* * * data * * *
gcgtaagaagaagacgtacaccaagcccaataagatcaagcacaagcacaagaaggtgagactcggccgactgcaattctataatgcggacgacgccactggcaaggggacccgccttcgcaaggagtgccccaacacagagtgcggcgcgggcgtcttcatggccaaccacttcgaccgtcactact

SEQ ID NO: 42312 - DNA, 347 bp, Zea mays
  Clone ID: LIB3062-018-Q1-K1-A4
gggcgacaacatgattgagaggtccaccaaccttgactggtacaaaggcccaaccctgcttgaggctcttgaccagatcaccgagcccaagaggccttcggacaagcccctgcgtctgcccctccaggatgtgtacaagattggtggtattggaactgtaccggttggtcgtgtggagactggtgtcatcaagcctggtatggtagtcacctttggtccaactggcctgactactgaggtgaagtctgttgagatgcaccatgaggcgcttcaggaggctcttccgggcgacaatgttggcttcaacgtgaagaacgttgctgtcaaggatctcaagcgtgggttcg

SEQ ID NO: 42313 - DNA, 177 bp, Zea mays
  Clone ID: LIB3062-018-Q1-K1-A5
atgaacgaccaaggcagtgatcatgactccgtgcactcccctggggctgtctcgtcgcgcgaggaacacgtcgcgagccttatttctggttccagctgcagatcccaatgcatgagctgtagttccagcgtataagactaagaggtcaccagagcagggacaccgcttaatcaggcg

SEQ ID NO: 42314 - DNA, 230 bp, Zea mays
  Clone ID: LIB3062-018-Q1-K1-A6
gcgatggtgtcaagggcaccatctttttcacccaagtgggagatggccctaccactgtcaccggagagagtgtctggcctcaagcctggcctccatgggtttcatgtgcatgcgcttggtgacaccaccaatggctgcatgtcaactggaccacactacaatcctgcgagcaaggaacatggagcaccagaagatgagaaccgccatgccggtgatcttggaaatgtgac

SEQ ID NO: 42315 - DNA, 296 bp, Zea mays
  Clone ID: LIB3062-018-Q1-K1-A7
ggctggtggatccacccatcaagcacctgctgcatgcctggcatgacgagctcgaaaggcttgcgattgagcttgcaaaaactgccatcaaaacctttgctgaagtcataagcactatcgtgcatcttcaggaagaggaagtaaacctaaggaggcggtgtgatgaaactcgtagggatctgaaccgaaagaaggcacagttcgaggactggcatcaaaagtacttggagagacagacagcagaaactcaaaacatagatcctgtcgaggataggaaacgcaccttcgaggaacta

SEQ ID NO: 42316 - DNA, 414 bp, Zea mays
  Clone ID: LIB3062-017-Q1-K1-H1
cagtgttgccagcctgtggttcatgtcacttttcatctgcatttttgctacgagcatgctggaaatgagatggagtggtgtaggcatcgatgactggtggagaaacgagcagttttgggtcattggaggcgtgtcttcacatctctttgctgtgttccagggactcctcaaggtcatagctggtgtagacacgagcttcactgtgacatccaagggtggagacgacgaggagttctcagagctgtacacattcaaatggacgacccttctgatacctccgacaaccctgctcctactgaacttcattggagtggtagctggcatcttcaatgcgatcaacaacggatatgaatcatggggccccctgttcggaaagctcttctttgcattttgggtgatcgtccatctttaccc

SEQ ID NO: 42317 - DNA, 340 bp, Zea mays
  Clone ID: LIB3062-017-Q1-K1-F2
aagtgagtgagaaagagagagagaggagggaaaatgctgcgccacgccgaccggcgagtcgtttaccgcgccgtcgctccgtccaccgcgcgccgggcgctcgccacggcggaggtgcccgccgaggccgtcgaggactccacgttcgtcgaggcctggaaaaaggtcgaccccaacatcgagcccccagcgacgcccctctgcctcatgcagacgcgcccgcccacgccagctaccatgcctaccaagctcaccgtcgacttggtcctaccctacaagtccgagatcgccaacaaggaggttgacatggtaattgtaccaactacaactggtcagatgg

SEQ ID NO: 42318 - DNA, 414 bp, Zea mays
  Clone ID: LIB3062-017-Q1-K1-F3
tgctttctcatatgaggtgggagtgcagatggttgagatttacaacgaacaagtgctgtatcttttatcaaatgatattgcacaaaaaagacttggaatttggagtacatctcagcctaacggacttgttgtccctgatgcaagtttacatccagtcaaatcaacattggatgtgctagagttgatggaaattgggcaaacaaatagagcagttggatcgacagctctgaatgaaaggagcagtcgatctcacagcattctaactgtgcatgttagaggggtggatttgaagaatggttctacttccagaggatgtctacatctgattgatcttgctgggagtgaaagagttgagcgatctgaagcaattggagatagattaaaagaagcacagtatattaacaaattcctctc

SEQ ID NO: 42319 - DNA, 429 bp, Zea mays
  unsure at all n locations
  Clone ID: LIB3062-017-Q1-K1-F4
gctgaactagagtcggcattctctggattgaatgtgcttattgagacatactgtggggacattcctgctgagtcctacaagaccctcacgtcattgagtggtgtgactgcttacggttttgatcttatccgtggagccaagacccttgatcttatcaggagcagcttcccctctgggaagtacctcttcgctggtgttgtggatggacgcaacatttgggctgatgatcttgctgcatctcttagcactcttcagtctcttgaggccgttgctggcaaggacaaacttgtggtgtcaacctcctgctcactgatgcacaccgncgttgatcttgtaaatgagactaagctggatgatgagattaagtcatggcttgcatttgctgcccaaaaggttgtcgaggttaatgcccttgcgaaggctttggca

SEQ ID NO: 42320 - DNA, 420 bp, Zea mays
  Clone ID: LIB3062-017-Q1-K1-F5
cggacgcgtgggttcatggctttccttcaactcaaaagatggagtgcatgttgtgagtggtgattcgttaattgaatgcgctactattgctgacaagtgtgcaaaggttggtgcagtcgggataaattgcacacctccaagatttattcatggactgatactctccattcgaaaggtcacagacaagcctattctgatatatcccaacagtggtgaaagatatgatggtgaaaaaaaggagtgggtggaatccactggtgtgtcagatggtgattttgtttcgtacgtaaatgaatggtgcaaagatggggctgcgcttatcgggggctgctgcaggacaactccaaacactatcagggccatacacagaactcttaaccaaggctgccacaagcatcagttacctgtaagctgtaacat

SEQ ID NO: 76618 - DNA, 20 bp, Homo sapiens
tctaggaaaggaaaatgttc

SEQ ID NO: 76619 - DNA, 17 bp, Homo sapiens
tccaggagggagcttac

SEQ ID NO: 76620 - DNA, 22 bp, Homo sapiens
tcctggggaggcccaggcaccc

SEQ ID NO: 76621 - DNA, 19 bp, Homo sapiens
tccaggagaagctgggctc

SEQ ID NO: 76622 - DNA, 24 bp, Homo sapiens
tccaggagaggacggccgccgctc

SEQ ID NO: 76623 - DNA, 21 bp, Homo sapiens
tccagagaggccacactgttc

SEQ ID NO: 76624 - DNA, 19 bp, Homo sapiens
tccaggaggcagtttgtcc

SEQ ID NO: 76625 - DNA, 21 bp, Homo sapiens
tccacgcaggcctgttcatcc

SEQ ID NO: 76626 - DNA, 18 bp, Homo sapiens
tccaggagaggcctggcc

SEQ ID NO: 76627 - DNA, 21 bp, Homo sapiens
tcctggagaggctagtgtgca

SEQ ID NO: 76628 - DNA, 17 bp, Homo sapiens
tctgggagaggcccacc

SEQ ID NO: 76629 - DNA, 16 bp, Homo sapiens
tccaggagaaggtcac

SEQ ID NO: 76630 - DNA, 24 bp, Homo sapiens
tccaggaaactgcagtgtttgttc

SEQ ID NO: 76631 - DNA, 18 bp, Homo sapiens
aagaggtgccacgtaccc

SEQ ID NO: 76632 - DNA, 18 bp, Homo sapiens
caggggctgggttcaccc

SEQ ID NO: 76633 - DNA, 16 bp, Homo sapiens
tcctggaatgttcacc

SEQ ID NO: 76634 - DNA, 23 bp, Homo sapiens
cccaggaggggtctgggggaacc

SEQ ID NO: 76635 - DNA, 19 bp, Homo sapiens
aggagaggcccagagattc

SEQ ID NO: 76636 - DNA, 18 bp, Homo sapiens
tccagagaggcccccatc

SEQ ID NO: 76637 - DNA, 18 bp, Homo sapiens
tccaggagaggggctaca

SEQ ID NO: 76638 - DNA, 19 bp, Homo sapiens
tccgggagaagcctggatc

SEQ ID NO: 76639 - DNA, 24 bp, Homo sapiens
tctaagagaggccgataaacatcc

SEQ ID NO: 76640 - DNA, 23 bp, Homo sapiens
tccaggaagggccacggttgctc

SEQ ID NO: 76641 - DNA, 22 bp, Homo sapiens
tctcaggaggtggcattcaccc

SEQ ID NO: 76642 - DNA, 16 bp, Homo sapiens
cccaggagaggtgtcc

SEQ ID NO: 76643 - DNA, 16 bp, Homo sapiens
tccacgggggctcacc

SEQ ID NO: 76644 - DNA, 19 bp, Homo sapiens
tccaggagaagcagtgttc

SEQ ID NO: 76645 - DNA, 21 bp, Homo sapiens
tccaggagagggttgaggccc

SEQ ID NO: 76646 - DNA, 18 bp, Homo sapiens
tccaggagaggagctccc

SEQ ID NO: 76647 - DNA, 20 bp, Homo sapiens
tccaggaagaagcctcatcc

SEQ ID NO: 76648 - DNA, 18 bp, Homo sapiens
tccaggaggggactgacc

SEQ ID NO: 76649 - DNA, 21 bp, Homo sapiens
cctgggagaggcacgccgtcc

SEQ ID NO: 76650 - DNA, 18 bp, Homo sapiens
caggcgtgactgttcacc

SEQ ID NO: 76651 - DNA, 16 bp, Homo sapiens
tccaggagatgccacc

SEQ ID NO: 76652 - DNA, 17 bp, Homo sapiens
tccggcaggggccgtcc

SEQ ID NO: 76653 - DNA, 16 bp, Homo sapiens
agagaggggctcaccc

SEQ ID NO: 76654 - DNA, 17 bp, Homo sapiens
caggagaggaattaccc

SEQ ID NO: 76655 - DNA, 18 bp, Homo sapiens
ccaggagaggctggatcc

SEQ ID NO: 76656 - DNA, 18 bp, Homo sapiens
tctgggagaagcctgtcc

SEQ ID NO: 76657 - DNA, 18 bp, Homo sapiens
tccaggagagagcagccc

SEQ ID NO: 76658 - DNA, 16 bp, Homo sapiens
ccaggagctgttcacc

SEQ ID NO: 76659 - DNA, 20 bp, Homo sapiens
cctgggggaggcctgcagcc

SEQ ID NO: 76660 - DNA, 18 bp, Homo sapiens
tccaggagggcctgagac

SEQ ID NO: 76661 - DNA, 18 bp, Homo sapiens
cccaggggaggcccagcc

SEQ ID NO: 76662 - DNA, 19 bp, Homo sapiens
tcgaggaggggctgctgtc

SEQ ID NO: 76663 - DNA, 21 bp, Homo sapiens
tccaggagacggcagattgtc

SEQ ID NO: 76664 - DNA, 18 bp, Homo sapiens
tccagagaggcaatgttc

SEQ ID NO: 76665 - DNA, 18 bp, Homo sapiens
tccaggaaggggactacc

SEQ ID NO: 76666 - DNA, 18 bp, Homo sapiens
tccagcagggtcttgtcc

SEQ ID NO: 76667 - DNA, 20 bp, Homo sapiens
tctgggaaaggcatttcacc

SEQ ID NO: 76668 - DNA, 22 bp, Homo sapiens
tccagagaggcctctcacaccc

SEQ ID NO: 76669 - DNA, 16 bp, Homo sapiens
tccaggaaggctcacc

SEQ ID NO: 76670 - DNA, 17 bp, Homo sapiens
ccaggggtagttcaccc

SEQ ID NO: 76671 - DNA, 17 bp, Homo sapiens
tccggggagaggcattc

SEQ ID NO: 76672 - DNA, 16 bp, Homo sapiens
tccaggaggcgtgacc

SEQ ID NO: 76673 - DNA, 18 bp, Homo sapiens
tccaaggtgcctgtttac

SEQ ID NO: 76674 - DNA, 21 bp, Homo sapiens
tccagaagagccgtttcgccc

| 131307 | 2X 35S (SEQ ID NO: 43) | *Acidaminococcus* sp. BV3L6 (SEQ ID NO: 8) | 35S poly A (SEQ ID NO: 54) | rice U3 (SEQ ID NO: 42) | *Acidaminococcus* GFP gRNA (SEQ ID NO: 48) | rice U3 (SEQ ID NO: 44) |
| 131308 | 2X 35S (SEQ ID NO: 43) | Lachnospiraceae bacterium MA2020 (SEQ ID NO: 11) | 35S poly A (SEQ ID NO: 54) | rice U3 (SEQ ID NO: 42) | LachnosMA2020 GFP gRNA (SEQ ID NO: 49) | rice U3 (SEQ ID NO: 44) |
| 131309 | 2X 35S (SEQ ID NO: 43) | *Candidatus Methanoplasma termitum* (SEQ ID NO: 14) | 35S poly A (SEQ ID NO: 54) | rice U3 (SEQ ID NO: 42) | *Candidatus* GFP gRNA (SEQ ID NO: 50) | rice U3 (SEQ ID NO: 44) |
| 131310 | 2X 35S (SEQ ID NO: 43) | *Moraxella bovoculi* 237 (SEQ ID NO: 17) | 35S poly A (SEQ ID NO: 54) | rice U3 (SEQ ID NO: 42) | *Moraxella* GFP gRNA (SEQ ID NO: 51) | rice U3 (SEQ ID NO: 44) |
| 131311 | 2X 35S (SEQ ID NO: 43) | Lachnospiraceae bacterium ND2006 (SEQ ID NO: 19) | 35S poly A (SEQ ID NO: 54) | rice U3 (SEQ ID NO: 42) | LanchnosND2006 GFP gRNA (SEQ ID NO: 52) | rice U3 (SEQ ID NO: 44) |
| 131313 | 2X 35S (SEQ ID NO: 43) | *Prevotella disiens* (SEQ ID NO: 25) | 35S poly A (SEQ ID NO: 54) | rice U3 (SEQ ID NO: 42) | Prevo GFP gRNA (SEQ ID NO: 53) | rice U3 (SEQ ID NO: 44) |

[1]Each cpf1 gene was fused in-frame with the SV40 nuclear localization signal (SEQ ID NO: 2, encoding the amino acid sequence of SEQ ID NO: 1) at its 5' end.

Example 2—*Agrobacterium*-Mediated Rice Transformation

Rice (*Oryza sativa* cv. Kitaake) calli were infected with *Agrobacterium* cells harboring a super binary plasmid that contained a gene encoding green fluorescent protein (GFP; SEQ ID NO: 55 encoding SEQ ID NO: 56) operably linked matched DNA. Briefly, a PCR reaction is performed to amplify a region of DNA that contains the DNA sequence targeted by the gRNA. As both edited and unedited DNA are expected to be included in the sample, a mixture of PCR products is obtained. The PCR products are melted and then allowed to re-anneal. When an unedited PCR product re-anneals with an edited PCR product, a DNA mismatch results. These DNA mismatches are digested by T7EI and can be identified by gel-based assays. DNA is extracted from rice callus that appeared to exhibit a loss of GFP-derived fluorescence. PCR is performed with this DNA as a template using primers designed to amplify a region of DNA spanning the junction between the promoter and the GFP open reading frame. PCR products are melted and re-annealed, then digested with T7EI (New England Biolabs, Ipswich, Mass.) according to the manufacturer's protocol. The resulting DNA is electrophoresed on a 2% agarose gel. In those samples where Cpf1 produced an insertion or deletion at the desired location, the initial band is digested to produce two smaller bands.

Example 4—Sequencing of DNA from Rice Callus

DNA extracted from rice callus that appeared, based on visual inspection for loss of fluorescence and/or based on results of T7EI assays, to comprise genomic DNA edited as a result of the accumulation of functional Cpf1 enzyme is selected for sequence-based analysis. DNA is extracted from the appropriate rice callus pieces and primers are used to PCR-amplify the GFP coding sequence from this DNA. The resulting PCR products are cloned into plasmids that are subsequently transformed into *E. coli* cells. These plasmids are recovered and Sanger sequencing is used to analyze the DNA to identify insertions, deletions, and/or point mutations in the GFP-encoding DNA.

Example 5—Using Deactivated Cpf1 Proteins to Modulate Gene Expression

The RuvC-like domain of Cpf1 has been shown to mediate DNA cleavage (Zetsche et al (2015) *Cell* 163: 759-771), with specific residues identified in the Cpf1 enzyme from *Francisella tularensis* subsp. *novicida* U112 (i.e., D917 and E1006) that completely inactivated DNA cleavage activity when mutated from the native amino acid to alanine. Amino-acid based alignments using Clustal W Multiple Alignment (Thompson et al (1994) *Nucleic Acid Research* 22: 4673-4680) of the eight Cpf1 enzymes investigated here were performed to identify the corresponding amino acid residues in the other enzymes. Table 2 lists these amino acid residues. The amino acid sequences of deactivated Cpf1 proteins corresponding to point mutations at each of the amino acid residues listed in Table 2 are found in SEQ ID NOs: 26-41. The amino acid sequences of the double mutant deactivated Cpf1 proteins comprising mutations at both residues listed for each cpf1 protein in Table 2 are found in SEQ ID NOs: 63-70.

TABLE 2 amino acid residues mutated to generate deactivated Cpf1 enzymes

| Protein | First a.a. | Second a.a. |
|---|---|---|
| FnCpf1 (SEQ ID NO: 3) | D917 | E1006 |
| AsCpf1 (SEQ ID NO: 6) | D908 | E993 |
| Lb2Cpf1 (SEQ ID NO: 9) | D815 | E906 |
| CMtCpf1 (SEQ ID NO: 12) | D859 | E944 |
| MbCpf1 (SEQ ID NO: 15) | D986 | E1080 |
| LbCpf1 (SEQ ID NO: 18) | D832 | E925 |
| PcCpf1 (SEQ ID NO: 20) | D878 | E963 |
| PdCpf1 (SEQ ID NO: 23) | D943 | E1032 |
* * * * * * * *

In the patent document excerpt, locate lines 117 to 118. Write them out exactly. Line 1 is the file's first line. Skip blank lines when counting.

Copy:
cccaggggaggcccagcc

SEQ ID NO: 76662 - DNA, 19 bp, Homo sapiens